At the trade deadline in March, the Bruins had several needs to improve their roster for a playoff run. One of the top needs was addressed when Sweeney sent defensemen Moore and Vaakanainen, along with the Black and Gold’s 2022 first-round pick, their 2023 second-round pick, and their 2024 second-round pick to the Anaheim Ducks for left-shot defensemen Hampus Lindholm and forward Kodie Curran. 

Related: Bruins Acquire Hampus Lindholm From Ducks

After acquiring Lindholm, Sweeney quickly locked up the impending free agent to an eight-year, $52 million contract with a very team-friendly annual cap hit of $6.5 million. Six months after locking up McAvoy on an eight-year, $76 million extension in Oct. 2021, the Bruins have their top-pairing on defense for the foreseeable future. Getting a team to take on Moore’s contract was a win in the deal itself.

1. Andres Bjork & 2021 Second Round Pick to Buffalo

Looking for a top-six forward at the 2021 trade deadline, Sweeney swung and landed one of the top available forwards when he acquired Taylor Hall and Curtis Lazar from the Buffalo Sabres for Anders Bjork and Boston’s 2021 second-round pick. Not only was Hall a much-needed addition, but Lazar turned out to be a key part of the deal as he added energy and a spark to the fourth line.

Taylor Hall, Boston Bruins
Taylor Hall, Boston Bruins (Amy Irvin / The Hockey Writers)

Hall settled in on the second line with Krejci and Smith, while providing a jolt and secondary scoring behind the top line of Bergeron, Brad Marchand, and David Pastrnak. Hall had eight goals and 14 points in 16 regular-season games following the trade with a plus/minus of plus-15 skating with Krejci and Smith. Last offseason, the Bruins re-signed Hall to a four-year, $24 million contract, which is a good deal and a moveable contract toward the end of it if Boston goes down the road of a rebuild, but he is going to be an important piece of the team in the 2022-23 season.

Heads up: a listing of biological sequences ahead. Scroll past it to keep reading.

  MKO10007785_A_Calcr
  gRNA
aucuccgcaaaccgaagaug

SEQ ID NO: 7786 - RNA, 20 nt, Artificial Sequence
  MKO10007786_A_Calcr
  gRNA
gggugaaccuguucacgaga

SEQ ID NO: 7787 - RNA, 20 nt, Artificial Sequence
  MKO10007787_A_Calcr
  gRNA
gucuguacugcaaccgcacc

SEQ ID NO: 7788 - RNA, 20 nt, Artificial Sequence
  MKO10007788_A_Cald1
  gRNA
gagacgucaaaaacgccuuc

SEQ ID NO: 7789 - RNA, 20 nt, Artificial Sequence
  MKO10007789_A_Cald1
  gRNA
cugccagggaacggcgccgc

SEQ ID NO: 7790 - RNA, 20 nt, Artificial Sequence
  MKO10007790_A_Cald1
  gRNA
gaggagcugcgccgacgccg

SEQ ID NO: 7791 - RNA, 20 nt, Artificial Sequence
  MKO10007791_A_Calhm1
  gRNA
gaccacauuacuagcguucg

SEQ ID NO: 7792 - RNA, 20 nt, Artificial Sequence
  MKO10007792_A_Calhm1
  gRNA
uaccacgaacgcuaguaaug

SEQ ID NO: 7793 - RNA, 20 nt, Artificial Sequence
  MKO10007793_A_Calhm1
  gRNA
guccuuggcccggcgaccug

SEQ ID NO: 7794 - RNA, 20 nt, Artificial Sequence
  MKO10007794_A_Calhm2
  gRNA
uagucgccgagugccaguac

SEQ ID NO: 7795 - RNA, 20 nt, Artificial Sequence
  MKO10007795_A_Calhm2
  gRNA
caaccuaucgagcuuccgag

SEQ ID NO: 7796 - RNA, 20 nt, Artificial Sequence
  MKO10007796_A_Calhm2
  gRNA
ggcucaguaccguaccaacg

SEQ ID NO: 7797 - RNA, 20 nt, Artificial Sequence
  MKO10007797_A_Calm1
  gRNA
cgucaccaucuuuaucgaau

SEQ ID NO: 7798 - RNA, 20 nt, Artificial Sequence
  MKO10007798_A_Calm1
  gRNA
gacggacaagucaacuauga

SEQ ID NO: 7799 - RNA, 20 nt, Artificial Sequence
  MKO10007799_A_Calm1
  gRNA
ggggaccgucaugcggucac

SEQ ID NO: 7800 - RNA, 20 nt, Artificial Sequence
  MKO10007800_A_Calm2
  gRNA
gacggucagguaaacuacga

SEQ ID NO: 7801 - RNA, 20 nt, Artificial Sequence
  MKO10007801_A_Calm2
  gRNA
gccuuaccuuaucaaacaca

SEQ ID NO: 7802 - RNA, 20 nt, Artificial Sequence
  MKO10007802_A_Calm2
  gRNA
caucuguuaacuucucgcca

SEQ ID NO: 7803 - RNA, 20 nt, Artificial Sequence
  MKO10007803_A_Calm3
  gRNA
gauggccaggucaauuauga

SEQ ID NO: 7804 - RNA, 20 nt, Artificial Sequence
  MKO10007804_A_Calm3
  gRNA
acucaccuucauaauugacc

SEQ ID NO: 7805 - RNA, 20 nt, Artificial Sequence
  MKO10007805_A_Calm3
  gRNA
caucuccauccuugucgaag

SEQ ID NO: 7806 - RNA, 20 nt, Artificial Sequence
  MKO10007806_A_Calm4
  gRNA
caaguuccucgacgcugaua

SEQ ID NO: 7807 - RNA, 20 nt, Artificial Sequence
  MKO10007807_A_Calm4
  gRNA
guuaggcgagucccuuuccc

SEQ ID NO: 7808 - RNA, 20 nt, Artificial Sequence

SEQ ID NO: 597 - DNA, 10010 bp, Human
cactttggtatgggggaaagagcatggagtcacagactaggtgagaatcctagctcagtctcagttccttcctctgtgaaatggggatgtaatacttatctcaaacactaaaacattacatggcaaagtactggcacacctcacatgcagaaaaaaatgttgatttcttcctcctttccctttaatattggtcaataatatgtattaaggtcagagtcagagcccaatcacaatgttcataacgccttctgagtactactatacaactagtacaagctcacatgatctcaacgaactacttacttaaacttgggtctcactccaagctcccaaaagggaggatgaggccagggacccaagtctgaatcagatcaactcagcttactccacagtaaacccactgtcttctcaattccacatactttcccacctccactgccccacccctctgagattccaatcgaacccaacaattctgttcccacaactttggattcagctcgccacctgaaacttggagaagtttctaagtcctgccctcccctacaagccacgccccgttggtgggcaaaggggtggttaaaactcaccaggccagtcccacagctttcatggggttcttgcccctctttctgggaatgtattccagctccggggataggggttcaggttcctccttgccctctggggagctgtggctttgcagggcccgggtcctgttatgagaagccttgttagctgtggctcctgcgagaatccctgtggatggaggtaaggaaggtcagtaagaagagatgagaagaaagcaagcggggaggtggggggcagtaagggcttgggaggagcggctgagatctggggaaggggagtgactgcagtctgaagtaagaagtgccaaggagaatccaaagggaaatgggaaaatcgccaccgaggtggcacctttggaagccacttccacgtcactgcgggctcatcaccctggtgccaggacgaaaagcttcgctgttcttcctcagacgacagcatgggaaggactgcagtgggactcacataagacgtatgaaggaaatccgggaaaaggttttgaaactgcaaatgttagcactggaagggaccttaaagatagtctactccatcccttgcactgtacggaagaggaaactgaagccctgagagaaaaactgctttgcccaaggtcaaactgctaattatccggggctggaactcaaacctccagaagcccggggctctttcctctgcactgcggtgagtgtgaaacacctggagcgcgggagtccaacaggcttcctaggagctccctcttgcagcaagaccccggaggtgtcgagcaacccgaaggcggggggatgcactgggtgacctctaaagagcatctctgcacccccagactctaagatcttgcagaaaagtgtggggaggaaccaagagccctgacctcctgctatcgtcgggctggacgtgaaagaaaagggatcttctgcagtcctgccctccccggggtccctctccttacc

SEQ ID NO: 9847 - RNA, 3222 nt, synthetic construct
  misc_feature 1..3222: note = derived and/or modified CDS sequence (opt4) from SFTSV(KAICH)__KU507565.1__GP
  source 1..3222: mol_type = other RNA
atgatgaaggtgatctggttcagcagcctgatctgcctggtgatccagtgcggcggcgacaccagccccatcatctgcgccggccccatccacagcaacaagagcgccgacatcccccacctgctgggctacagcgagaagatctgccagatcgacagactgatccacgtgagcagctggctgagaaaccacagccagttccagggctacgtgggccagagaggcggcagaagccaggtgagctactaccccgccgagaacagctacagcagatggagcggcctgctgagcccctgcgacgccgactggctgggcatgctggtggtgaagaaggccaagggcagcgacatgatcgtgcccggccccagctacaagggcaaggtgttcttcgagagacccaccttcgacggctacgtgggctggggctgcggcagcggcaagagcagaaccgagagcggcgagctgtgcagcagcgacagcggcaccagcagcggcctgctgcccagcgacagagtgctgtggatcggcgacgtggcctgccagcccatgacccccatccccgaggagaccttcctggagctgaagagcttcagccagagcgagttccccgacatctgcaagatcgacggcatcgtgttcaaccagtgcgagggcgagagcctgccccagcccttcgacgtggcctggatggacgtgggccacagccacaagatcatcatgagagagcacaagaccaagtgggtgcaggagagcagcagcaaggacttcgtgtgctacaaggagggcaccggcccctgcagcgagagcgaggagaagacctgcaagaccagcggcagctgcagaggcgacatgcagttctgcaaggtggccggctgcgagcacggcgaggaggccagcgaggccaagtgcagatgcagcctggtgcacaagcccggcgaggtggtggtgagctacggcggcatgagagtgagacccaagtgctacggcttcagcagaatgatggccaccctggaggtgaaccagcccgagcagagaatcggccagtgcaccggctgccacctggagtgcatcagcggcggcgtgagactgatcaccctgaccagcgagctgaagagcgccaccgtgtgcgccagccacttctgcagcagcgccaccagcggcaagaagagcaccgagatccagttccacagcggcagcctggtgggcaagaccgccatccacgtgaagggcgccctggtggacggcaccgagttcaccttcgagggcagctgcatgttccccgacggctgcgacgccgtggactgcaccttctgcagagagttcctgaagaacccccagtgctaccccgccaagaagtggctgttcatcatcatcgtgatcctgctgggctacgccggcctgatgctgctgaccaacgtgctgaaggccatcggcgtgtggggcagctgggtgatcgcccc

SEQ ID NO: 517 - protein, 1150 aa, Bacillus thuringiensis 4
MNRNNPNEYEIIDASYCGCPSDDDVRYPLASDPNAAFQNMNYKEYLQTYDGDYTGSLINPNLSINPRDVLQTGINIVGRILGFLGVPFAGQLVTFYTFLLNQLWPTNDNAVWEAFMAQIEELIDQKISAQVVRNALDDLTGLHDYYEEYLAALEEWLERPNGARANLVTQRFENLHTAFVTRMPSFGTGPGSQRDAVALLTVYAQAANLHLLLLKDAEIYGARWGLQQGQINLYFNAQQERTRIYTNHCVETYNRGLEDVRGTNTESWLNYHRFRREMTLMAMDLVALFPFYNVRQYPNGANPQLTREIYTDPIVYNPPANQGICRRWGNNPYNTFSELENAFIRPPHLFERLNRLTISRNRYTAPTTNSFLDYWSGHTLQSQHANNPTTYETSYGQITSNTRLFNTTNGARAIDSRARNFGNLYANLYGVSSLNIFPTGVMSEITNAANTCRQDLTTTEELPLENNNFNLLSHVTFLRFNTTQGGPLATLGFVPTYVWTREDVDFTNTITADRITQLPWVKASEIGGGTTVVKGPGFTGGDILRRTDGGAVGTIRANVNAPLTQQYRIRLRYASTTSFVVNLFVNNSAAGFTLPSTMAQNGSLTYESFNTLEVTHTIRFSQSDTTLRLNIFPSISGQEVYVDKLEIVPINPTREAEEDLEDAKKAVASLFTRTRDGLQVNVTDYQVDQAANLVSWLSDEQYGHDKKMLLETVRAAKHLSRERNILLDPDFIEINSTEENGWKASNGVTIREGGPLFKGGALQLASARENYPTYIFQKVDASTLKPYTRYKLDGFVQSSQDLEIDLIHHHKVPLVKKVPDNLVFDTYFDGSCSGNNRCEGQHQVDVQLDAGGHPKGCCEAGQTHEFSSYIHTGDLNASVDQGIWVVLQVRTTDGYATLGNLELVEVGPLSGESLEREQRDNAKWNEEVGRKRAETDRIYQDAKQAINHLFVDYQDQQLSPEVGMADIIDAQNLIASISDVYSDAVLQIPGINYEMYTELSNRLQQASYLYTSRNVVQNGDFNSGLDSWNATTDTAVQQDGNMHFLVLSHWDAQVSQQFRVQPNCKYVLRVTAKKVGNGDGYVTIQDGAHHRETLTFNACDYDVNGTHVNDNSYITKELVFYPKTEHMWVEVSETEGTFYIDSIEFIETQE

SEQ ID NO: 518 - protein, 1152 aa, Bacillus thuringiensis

Lazar settled in on the fourth line with Sean Kuraly and Chris Wagner to provide some much-needed grinding shifts that sometimes shifted momentum in both regular-season and postseason games. In 2021-22, Lazar was the most valuable piece of the Bruins’ fourth line with a career-high eight goals and 16 points. An unrestricted free agent (UFA) this summer, it’s more likely that another team offers Lazar a deal that Sweeney won’t be willing to match.

It’s no secret that making trades, and signing players to extensions, both veterans and younger players is a strength of Sweeney’s, as compared to drafting and developing young talent. The run to the Stanley Cup Final in 2019 would not have happened without the Johansson and Coyle trades, while acquiring a draft pick to select Carlo has added stability on defense for the last six seasons. Now entering the summer of 2022 with the need to shed some salary to open cap space, it’s time for Sweeney to go to work again to make some moves.